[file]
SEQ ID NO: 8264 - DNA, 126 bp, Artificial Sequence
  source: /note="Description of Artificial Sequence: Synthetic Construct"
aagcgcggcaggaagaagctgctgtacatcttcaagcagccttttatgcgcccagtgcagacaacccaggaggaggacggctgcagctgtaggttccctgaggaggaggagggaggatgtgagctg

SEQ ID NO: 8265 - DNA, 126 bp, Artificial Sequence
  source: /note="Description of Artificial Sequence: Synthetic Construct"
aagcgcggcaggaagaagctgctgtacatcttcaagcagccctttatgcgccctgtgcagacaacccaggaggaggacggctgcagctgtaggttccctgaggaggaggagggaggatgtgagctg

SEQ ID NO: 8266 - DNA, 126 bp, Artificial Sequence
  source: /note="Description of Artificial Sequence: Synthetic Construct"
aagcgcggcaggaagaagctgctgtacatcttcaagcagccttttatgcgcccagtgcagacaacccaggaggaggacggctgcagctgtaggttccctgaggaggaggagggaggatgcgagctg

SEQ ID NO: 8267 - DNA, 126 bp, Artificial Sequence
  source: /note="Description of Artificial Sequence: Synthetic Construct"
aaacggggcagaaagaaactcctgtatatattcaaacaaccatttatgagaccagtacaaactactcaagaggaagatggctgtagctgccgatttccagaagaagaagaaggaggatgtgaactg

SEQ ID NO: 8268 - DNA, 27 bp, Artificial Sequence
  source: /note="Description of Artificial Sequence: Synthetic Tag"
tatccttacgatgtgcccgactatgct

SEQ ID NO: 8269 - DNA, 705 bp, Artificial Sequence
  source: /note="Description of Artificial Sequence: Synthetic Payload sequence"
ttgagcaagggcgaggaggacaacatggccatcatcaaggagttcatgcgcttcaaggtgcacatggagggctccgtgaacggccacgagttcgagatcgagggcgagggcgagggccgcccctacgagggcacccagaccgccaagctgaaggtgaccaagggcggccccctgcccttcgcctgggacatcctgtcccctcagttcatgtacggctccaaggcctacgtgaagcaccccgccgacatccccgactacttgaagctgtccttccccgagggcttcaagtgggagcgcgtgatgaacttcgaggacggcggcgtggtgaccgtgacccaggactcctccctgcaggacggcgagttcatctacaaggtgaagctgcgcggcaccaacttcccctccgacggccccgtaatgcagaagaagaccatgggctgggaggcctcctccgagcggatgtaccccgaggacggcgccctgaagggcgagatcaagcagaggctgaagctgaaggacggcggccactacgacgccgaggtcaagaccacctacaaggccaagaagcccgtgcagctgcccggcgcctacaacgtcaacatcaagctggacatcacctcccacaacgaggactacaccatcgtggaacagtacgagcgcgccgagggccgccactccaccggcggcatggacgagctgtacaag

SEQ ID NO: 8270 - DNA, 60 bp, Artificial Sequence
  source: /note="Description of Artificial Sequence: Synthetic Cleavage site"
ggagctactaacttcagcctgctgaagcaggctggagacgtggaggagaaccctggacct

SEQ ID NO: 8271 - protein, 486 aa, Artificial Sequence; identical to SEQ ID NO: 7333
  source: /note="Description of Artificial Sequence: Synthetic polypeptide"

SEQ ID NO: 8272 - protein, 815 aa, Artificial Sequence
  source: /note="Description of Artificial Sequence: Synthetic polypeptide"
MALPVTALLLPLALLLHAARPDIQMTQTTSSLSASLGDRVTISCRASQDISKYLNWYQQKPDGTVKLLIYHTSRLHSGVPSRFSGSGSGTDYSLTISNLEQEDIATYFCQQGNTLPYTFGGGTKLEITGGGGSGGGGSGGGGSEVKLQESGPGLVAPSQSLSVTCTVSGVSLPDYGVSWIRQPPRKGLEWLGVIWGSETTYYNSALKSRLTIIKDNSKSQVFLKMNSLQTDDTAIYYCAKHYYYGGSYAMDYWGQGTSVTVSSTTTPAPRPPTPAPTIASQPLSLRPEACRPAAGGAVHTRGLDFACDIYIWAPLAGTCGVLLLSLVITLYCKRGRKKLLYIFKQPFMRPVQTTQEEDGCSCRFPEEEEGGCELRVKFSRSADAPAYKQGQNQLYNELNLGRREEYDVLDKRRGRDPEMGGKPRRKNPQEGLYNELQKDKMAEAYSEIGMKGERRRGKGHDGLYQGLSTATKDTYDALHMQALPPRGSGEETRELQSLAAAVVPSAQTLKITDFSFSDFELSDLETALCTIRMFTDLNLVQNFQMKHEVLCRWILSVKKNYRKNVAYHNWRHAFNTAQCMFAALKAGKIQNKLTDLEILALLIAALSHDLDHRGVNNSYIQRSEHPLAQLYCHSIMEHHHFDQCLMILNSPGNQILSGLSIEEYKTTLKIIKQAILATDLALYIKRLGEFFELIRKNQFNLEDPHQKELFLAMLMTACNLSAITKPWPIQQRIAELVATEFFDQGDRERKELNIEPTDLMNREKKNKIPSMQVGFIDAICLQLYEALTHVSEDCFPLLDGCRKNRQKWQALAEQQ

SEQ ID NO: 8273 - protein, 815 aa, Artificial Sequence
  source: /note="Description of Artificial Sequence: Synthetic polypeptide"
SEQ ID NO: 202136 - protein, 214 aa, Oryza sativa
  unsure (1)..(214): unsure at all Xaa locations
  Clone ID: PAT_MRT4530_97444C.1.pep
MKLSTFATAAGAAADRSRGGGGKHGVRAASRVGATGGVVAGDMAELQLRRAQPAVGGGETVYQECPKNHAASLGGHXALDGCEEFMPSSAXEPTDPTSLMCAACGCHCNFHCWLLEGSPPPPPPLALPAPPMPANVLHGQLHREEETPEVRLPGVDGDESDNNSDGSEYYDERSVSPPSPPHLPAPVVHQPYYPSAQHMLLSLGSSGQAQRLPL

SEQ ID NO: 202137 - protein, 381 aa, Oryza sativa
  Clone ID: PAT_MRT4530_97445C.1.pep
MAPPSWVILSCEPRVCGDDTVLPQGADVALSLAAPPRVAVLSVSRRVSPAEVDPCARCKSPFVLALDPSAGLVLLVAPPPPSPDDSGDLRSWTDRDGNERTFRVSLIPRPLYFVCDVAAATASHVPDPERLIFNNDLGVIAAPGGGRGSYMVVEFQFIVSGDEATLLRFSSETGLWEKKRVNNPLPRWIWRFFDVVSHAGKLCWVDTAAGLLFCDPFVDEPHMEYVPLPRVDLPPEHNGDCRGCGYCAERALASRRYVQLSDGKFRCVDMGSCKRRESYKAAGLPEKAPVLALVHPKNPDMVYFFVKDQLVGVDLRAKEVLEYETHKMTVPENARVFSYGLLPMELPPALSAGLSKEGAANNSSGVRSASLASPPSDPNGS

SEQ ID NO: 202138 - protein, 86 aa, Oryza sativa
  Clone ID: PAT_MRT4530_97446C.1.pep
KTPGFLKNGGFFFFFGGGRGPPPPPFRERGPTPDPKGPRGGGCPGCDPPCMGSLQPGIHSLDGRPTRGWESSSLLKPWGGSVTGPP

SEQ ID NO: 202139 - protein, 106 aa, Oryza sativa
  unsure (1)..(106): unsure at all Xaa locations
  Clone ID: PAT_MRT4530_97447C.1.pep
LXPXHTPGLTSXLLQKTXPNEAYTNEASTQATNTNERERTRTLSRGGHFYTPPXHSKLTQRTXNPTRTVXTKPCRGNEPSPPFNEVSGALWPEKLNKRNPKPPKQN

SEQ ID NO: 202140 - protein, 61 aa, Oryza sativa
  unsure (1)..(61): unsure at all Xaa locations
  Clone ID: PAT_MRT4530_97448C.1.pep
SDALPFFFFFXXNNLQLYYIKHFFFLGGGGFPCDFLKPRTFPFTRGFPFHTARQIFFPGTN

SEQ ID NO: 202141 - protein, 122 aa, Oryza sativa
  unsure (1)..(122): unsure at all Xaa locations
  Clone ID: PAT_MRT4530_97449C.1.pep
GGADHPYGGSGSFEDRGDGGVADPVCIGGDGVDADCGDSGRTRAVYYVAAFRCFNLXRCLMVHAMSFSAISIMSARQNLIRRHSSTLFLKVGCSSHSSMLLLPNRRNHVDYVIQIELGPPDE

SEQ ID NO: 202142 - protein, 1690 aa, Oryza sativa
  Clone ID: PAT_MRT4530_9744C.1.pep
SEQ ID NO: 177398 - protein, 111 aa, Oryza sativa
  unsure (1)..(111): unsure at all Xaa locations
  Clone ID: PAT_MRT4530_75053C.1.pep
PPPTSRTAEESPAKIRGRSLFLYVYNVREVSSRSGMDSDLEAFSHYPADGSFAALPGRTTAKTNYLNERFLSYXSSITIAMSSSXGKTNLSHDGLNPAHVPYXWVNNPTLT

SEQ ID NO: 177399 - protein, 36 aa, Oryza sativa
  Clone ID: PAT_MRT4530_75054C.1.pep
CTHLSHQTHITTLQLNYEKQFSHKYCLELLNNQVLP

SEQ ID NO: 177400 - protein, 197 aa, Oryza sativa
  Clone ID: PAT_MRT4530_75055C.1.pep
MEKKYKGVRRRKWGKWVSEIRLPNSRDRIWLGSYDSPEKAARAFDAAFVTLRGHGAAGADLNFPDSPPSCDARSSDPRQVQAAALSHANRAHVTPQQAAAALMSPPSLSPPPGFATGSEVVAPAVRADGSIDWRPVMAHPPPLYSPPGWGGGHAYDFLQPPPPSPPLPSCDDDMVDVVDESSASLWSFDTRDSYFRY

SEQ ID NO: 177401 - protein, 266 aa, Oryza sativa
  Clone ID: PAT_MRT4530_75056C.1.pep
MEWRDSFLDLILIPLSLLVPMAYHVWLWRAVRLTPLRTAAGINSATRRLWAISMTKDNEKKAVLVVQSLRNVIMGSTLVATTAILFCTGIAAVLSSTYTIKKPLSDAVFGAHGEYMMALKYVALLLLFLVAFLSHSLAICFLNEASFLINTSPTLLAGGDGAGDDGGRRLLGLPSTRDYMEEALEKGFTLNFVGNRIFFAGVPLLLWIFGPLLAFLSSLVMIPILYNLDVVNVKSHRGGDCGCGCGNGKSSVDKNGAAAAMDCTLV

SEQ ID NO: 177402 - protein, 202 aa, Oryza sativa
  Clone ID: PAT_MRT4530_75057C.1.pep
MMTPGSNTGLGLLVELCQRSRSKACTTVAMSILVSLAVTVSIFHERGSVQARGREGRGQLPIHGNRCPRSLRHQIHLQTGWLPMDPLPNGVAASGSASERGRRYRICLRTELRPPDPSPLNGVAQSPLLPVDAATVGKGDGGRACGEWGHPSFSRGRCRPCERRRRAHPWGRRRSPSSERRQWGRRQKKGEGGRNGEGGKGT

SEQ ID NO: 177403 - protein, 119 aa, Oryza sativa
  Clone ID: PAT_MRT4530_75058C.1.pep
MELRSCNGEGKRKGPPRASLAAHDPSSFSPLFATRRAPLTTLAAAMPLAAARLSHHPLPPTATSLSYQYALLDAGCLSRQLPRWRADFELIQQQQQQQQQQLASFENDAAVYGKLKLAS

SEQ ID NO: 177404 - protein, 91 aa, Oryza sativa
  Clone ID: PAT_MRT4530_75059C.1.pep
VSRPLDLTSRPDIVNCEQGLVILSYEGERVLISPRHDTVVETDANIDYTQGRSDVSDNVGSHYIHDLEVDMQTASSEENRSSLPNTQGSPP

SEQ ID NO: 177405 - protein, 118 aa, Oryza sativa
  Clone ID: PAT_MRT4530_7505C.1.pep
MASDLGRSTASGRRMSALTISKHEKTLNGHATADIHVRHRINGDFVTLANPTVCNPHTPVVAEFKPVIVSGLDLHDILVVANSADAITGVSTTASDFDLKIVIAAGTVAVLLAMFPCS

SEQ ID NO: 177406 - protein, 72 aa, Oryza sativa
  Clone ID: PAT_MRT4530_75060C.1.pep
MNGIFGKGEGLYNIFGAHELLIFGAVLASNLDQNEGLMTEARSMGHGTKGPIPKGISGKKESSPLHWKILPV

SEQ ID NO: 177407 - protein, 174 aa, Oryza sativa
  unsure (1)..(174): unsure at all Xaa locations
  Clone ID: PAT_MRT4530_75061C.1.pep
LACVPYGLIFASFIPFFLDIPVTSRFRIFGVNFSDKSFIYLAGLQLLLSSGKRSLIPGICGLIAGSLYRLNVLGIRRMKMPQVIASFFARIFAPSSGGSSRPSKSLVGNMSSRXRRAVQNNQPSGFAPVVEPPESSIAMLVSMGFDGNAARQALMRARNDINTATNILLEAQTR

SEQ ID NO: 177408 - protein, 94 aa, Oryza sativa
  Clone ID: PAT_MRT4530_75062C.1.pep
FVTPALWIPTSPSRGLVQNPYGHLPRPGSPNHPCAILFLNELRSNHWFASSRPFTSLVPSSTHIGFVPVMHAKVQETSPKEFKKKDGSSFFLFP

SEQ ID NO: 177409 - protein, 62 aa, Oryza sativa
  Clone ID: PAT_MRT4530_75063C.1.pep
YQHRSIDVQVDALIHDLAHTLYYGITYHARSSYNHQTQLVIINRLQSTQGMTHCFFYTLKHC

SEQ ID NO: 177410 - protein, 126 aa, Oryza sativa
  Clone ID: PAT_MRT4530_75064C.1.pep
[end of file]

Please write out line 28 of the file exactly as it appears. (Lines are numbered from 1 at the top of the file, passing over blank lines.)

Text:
  source: /note="Description of Artificial Sequence: Synthetic polypeptide"